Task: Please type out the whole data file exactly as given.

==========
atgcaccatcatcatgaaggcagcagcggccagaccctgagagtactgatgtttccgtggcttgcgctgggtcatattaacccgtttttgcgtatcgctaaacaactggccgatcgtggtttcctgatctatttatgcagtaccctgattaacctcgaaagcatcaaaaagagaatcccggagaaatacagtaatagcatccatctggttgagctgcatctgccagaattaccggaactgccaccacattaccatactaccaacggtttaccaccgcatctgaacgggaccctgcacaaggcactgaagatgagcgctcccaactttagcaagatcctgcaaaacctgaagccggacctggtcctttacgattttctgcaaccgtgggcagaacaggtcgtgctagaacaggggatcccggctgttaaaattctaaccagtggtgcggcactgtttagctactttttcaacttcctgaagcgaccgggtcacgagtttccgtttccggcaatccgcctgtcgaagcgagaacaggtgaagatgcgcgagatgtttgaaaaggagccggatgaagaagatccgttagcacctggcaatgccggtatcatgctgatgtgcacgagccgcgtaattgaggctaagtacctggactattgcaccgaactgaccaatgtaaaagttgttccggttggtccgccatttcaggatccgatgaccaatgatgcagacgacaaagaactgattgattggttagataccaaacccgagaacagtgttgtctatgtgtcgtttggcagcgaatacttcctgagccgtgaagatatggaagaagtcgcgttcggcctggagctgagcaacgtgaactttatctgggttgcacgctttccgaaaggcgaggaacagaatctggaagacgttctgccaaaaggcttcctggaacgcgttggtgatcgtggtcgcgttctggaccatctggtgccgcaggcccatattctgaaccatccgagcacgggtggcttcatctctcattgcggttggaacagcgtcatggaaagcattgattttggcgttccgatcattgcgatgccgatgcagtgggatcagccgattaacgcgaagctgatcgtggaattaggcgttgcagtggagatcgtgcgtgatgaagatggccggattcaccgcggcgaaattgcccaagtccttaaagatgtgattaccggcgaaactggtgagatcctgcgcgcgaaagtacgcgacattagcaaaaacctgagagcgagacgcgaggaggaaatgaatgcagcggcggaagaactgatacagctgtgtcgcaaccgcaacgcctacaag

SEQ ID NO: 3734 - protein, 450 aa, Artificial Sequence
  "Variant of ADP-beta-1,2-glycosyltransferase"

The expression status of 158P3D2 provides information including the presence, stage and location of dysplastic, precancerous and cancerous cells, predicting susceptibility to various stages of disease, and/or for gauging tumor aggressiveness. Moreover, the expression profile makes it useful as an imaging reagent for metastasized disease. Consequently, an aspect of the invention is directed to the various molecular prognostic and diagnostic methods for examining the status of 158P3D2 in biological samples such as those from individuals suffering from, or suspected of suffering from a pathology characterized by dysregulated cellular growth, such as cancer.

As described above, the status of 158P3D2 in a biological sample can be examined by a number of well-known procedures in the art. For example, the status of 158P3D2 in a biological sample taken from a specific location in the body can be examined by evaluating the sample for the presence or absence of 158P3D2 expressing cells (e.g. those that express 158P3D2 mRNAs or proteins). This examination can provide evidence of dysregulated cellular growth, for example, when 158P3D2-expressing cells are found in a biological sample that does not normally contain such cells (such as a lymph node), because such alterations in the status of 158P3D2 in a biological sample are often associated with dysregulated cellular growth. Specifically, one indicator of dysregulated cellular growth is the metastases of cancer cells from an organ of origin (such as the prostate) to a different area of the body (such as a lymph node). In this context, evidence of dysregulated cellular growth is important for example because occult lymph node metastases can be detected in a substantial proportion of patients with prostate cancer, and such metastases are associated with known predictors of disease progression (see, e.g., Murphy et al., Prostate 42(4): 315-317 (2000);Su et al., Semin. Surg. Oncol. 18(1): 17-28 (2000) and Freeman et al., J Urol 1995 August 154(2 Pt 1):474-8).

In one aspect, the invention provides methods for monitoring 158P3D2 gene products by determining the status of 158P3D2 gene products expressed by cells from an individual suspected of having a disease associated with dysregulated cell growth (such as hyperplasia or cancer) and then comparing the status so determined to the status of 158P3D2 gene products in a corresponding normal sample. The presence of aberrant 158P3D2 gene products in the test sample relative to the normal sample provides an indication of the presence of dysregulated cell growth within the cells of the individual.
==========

atgcaccatcatcatgaaggcagcagcggccagaccctgagagtactgatgtttccgtggcttgcgctgggtcatattaacccgtttttgcgtatcgctaaacaactggccgatcgtggtttcctgatctatttatgcagtaccctgattaacctcgaaagcatcaaaaagagaatcccggagaaatacagtaatagcatccatctggttgagctgcatctgccagaattaccggaactgccaccacattaccatactaccaacggtttaccaccgcatctgaacgggaccctgcacaaggcactgaagatgagcgctcccaactttagcaagatcctgcaaaacctgaagccggacctggtcctttacgattttctgcaaccgtgggcagaacaggtcgtgctagaacaggggatcccggctgttaaaattctaaccagtggtgcggcactgtttagctactttttcaacttcctgaagcgaccgggtcacgagtttccgtttccggcaatccgcctgtcgaagcgagaacaggtgaagatgcgcgagatgtttgaaaaggagccggatgaagaagatccgttagcacctggcaatgccggtatcatgctgatgtgcacgagccgcgtaattgaggctaagtacctggactattgcaccgaactgaccaatgtaaaagttgttccggttggtccgccatttcaggatccgatgaccaatgatgcagacgacaaagaactgattgattggttagataccaaacccgagaacagtgttgtctatgtgtcgtttggcagcgaatacttcctgagccgtgaagatatggaagaagtcgcgttcggcctggagctgagcaacgtgaactttatctgggttgcacgctttccgaaaggcgaggaacagaatctggaagacgttctgccaaaaggcttcctggaacgcgttggtgatcgtggtcgcgttctggaccatctggtgccgcaggcccatattctgaaccatccgagcacgggtggcttcatctctcattgcggttggaacagcgtcatggaaagcattgattttggcgttccgatcattgcgatgccgatgcagtgggatcagccgattaacgcgaagctgatcgtggaattaggcgttgcagtggagatcgtgcgtgatgaagatggccggattcaccgcggcgaaattgcccaagtccttaaagatgtgattaccggcgaaactggtgagatcctgcgcgcgaaagtacgcgacattagcaaaaacctgagagcgagacgcgaggaggaaatgaatgcagcggcggaagaactgatacagctgtgtcgcaaccgcaacgcctacaag

SEQ ID NO: 3734 - protein, 450 aa, Artificial Sequence
  "Variant of ADP-beta-1,2-glycosyltransferase"

The expression status of 158P3D2 provides information including the presence, stage and location of dysplastic, precancerous and cancerous cells, predicting susceptibility to various stages of disease, and/or for gauging tumor aggressiveness. Moreover, the expression profile makes it useful as an imaging reagent for metastasized disease. Consequently, an aspect of the invention is directed to the various molecular prognostic and diagnostic methods for examining the status of 158P3D2 in biological samples such as those from individuals suffering from, or suspected of suffering from a pathology characterized by dysregulated cellular growth, such as cancer.

As described above, the status of 158P3D2 in a biological sample can be examined by a number of well-known procedures in the art. For example, the status of 158P3D2 in a biological sample taken from a specific location in the body can be examined by evaluating the sample for the presence or absence of 158P3D2 expressing cells (e.g. those that express 158P3D2 mRNAs or proteins). This examination can provide evidence of dysregulated cellular growth, for example, when 158P3D2-expressing cells are found in a biological sample that does not normally contain such cells (such as a lymph node), because such alterations in the status of 158P3D2 in a biological sample are often associated with dysregulated cellular growth. Specifically, one indicator of dysregulated cellular growth is the metastases of cancer cells from an organ of origin (such as the prostate) to a different area of the body (such as a lymph node). In this context, evidence of dysregulated cellular growth is important for example because occult lymph node metastases can be detected in a substantial proportion of patients with prostate cancer, and such metastases are associated with known predictors of disease progression (see, e.g., Murphy et al., Prostate 42(4): 315-317 (2000);Su et al., Semin. Surg. Oncol. 18(1): 17-28 (2000) and Freeman et al., J Urol 1995 August 154(2 Pt 1):474-8).

In one aspect, the invention provides methods for monitoring 158P3D2 gene products by determining the status of 158P3D2 gene products expressed by cells from an individual suspected of having a disease associated with dysregulated cell growth (such as hyperplasia or cancer) and then comparing the status so determined to the status of 158P3D2 gene products in a corresponding normal sample. The presence of aberrant 158P3D2 gene products in the test sample relative to the normal sample provides an indication of the presence of dysregulated cell growth within the cells of the individual.